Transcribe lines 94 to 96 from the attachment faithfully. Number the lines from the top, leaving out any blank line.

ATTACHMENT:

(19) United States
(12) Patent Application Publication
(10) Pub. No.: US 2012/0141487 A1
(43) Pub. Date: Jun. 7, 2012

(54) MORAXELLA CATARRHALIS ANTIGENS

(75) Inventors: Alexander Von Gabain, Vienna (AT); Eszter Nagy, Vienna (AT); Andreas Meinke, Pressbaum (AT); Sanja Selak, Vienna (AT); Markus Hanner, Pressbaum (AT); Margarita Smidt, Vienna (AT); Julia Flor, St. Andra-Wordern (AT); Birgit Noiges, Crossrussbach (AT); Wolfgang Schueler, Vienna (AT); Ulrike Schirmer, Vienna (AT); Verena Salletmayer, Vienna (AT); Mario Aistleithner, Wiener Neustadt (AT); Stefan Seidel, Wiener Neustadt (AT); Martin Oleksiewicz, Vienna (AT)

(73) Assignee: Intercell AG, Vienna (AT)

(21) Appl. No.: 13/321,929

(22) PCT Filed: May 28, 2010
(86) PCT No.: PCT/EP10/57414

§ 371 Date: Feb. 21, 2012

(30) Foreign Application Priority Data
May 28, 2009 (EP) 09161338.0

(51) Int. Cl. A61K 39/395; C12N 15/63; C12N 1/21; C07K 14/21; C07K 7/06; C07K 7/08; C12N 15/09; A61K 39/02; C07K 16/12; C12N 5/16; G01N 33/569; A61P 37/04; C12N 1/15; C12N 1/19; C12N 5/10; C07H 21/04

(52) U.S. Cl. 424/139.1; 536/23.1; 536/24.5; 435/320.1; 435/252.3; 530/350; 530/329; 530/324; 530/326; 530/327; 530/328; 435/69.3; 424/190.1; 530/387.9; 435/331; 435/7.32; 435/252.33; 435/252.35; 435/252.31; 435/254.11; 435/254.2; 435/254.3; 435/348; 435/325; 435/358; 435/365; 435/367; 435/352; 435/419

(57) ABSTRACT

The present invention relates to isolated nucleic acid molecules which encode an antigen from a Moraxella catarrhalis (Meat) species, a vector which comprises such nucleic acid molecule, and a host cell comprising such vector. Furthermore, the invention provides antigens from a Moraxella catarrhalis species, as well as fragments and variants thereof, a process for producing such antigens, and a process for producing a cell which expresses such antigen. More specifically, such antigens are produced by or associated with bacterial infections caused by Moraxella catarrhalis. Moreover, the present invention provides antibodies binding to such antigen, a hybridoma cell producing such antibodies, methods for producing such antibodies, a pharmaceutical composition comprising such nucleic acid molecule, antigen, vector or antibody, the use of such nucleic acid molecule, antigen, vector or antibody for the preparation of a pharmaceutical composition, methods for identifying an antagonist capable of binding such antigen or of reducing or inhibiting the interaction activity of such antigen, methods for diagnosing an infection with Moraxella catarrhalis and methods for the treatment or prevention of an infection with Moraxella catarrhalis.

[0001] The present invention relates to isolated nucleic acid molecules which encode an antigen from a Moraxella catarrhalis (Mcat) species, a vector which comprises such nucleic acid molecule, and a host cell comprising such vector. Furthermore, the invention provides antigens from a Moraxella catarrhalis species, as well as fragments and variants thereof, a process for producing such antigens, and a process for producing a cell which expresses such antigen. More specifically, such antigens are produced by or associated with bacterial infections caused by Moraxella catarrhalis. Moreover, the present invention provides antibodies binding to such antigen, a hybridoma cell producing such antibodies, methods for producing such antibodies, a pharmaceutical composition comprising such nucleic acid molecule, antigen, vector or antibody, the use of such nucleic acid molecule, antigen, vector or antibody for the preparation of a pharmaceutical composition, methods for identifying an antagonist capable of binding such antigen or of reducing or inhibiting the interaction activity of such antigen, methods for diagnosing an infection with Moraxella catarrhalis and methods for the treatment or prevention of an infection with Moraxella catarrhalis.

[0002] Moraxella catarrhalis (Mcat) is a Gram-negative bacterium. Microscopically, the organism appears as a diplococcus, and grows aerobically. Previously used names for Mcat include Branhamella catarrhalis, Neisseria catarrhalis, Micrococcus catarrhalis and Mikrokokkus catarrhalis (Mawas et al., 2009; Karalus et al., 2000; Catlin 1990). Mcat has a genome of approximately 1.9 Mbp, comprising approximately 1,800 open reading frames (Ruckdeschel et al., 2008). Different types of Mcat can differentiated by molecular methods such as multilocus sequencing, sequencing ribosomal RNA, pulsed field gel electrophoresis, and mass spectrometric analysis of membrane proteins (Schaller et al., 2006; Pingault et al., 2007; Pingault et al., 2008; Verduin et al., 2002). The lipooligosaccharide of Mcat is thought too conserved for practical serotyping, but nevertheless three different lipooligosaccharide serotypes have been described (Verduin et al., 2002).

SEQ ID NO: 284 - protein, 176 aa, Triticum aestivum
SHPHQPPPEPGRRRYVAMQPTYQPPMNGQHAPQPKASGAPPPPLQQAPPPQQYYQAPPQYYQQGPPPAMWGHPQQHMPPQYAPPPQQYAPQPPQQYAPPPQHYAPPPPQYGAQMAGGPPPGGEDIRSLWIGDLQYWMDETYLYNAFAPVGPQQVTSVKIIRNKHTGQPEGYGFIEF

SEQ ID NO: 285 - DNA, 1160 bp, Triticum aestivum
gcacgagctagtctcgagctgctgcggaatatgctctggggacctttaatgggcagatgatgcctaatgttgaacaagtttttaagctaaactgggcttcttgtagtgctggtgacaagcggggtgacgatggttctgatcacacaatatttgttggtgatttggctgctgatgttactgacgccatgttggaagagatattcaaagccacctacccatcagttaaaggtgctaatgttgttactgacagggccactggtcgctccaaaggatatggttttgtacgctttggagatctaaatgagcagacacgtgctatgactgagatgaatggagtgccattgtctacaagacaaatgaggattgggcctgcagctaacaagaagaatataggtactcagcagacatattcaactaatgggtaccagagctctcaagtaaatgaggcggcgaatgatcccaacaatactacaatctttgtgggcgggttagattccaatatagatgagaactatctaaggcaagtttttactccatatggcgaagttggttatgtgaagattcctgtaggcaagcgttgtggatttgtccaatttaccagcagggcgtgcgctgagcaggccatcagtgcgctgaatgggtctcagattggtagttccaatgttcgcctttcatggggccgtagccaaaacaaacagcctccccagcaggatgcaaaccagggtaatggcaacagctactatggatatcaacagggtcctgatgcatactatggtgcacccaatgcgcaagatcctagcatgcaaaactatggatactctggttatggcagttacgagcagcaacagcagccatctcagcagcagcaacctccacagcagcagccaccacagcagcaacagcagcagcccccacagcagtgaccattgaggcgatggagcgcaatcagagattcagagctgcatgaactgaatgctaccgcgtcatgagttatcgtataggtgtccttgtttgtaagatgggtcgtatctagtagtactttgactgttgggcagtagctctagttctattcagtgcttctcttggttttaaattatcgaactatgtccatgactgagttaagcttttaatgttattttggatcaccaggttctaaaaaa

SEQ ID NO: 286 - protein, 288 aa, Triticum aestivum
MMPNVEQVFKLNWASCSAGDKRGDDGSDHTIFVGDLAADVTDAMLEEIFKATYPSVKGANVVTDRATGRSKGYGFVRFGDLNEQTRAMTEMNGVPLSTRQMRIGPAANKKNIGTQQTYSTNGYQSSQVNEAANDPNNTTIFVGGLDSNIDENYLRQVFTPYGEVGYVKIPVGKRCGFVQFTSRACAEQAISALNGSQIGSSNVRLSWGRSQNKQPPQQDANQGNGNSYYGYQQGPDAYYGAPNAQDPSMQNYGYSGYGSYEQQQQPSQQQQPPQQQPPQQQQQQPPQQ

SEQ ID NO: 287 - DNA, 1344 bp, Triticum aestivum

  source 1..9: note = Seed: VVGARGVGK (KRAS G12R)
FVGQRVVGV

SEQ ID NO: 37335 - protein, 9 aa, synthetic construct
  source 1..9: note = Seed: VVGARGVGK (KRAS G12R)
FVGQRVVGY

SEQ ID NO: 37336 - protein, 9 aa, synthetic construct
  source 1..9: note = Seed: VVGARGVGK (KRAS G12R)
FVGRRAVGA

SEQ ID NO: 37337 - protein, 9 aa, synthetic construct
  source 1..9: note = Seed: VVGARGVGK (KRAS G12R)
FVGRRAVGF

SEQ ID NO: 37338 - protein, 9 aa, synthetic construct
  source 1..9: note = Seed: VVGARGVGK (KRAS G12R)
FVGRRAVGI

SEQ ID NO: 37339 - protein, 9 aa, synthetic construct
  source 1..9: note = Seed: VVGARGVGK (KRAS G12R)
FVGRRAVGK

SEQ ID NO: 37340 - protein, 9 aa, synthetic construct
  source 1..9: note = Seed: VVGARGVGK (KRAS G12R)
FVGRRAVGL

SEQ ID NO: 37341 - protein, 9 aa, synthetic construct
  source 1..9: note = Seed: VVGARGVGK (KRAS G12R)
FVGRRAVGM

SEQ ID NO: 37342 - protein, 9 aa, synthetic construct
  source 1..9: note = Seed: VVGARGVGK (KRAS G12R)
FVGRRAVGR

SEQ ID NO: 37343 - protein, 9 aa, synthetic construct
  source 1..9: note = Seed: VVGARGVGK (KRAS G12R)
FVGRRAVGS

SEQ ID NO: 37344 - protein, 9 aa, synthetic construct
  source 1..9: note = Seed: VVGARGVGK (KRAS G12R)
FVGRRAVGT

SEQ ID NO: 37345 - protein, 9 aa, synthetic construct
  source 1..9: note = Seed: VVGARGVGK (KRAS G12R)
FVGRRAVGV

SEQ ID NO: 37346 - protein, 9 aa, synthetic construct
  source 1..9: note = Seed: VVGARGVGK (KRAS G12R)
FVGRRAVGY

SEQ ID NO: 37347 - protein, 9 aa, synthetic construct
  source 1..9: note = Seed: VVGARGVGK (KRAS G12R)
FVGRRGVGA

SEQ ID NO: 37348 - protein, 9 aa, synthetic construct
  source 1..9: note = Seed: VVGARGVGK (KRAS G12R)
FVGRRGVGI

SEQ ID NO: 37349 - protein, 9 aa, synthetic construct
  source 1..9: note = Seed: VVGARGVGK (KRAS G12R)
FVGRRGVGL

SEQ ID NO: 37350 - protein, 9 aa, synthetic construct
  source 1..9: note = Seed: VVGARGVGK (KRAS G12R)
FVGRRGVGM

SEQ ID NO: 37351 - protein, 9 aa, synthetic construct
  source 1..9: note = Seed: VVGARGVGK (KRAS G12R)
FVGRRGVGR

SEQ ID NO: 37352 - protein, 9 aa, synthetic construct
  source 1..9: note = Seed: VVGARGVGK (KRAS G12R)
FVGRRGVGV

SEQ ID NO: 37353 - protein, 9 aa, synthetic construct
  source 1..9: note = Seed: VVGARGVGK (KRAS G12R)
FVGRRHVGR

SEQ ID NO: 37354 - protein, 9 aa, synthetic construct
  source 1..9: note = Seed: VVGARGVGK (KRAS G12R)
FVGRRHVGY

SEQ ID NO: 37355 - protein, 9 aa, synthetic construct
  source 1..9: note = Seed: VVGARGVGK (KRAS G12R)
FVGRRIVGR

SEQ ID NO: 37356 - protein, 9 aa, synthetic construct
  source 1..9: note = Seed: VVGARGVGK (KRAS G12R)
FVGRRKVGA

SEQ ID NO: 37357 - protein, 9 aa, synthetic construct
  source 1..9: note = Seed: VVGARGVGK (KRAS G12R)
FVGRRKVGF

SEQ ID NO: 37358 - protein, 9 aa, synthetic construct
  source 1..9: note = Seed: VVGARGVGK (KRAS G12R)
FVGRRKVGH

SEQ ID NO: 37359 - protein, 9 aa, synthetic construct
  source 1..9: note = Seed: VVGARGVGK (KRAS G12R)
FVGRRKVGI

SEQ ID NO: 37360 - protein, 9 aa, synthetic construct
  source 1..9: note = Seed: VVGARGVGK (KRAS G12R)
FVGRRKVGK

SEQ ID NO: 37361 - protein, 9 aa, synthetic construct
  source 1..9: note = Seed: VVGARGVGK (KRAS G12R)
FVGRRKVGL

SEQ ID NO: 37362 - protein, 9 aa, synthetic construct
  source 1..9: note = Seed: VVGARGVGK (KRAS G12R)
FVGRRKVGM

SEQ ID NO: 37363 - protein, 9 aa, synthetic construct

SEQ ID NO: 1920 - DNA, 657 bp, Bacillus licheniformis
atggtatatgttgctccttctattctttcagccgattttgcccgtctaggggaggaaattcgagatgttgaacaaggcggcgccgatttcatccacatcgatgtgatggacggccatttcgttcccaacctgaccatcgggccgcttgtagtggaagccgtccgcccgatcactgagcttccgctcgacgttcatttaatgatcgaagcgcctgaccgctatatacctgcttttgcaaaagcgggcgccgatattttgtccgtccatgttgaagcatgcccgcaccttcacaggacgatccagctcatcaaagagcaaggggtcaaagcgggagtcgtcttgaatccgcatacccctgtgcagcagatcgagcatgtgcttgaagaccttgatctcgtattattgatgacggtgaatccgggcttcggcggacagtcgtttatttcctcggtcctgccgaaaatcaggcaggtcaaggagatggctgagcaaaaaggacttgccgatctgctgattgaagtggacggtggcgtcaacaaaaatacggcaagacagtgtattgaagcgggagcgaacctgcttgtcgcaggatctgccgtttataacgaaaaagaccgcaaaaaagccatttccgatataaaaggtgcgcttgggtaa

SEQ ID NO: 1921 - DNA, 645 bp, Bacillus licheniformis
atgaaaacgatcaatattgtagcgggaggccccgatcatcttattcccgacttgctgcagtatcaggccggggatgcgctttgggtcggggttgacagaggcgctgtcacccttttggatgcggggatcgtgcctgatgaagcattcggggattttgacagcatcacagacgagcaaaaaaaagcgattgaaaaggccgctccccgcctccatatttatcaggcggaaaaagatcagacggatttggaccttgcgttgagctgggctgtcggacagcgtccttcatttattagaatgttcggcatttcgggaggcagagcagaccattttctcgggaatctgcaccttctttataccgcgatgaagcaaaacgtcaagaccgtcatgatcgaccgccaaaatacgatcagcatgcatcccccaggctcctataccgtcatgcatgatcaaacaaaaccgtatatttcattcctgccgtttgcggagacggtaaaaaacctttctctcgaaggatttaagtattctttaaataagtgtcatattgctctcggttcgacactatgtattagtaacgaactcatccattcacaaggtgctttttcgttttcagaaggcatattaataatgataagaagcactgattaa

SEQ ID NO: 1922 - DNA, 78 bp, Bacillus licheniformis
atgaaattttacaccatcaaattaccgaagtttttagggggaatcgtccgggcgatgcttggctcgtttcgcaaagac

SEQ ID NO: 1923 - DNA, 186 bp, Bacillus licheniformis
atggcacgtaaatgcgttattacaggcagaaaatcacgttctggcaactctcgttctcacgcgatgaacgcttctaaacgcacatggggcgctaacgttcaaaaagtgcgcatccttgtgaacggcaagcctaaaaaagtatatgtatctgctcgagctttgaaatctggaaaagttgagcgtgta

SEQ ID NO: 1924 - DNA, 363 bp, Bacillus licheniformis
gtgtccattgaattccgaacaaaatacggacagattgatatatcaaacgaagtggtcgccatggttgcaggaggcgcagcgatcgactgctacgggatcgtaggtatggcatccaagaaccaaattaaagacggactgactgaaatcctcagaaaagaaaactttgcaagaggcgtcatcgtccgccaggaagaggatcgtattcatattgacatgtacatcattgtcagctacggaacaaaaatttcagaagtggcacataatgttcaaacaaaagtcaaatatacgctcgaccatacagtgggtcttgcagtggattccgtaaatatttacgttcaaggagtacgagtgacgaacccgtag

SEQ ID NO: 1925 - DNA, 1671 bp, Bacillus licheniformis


FVGRRKVGA

SEQ ID NO: 37357 - protein, 9 aa, synthetic construct
  source 1..9: note = Seed: VVGARGVGK (KRAS G12R)